David Nemirovsky’s team performed pretty well in the regular season, recording victories over Ak Bars, CSKA, Metallurg, Avtomobilist and Jokerit. And that’s despite the fact that September brought a five-game losing streak. By the end of the season, Torpedo was eighth in the East, but just two points shy of sixth. Another five-game losing streak in the final weeks robbed the team of a higher finish. In the playoffs, Torpedo faced Ak Bars and failed to win a single game.
Goalie: Alexei Murygin (free agent)
Defensemen: Ivan Vereshchagin (Dynamo Moscow), Theodor Lennstrom (Bakersfield, AHL), Yegor Martynov (Metallurg), Pavel Turbin (Amur).
Forwards: Kenny Agostino (Toronto Marlies, AHL), Ilya Altybarmakyan (free agent), Yegor Babenko (try-out; Rubin, VHL), Daniel Zaar (Rogle, SWE), Artur Tyanulin (Krefeld, DEL), Marek Hrivik (Leksands, SWE).
Goalies: Pyotr Kochetkov, Andrei Tikhomirov.
Defensemen: Mark Marin, Georgy Misharin, Mikhail Orlov, Ziyat Paygin.
Forwards: Andrei Belevich, Mikhail Varnakov, Danil Veryayev, Sergei Goncharuk, Alexei Drobin, Andy Miele, Artyom Mikheyev, Anton Shenfeld.
Goalie: Nikita Serebryakov (Admiral)
Defensemen: Artyom Alyayev (Amur), Nikita Bobryashov (Lada, VHL), Brady Austin (Tappara, FIN), Semyon Ruchkin (Spartak, via Avangard), Chris Wideman (Montreal, NHL).
Forwards: Semyon Der-Arguchintsev (Toronto, NHL), Justin Kloos (Leksands, SWE), Vadim Pereskokov (Kosice, SVK), Chris Terry (Bridgeport, AHL), Ivan Chekhovich (San Jose, NHL), Jordan Szwarz (Mannheim, DEL), Damir Zhafyarov.
Torpedo’s transfer campaign has caught the eye: two of the top scorers from the Swedish championship are heading to Nizhny Novgorod. Marek Hrivik (51 points in 44 games) and Daniel Zaar (50 in 52) will look to make an impact in the KHL. Last season, Kenny Agostino had a point a game for Toronto Marlies in the AHL. The defense should benefit from the arrival of Ivan Vereshchagin, Yegor Martynov and Theodor Lennstrom, with the latter bringing Champions Hockey League experience from his time at Frolunda. However, the loss of Chris Wideman will be felt: after leading the scoring among defensemen in the KHL last season, he earned a contract with Montreal.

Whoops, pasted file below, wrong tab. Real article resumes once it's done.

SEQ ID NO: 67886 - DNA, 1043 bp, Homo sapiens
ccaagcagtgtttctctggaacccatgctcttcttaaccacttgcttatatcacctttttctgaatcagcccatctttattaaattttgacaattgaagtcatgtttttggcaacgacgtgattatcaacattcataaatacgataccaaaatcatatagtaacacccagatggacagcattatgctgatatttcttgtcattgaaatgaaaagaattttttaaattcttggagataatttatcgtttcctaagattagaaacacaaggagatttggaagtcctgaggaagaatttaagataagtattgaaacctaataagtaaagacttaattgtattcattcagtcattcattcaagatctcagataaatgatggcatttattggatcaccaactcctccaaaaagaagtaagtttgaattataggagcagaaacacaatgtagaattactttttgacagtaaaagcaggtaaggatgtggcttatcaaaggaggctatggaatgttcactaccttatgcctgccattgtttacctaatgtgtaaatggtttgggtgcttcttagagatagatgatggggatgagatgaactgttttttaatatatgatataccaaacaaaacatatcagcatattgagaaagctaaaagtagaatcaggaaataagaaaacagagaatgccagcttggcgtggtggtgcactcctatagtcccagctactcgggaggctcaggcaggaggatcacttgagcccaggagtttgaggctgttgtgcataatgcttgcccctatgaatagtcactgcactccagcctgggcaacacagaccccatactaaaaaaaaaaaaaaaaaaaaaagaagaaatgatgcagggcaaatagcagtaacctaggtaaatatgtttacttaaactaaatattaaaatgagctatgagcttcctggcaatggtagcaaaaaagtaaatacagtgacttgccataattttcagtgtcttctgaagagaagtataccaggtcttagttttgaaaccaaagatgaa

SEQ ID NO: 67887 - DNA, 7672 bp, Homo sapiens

David Nemirovsky has taken Torpedo to the playoffs in each of his three seasons behind the bench. However, he has yet to get beyond the first round, coming closest in 2019 when his team took Barys to seven games. Nemirovsky likes his teams to play attacking hockey and last season Torpedo scored 170 goals (2.83 per game, more than Metallurg, Avtomobilist or Barys, all of whom finished higher in the table). Nemirovsky extended his contract for a further year and it’s hard to imagine he’ll be changing his style.
Last year Torpedo used four goalies, but in the upcoming season it seems likely that Andrei Tikhomirov will be the first choice. Aged 26, he’s well placed to take his career to a new level. In addition, there’s young Pyotr Kochetkov, who was the best goalie at the 2019 World Juniors. And the experienced Alexei Murygin demonstrated his return to full health and earned a one-year contract.
With the exception of imports Chris Wideman and Brady Austin, Torpedo has retained all its leaders. Ziyat Paigin, Mark Marin and Mikhail Orlov should continue to form the foundation of the defense here. Of the new acquisition, Ivan Vereshchagin is likely to see most action, Pavel Turbin and Yegor Martynov add depth. There are high hopes for Swede Theodor Lennstrom, who arrives from the AHL. In his best seasons, he’s reliably delivered a point every other game.
It will be interesting to see how Marek Hrivik and Daniel Zaar perform with Torpedo. The former has some KHL experience, while the latter arrives in Russia for the first time. Hrivik looked good last season, not just playing in Sweden with Leksands but also when he picked up 6 (2+4) points in seven games for Slovakia at the World Championship. Artur Tyanulin is another interesting acquisition: after scoring 50 points in 52 games for China’s ORG in the VHL, he moved to Germany and had 29 in 32 for Krefeld. Andy Miele, Anton Shenfeld and Mikhail Varnakov remain on the team and their experience should help Torpedo to gel in the new season.
Denis Vengryzhanovsky is the name that catches the eye. He made his KHL debut last season, playing six games and scoring twice in a memorable win over CSKA. On defense, Alexei Drobin, 21, already has close to 40 games in the league, including one in the playoffs. Another 21-year-old, Andrei Galushkin, is currently on the injured list — but last season he had 53 points in 56 games for Chaika in the Junior League and looks ready for a chance in the first team.
In recent seasons, Torpedo has proved that it can reliably get to the playoffs. And, if nothing unexpected crops up, there’s every reason to expect that Nemirovsky’s team will do it again this term. The only question is about how effectively the coaching staff can find a way to integrate the new players, and how well those players will adapt to a new team and, in some cases, a new league. On paper, Torpedo’s roster looks good, but a lot will depend on how quickly the key players can find some kind of chemistry.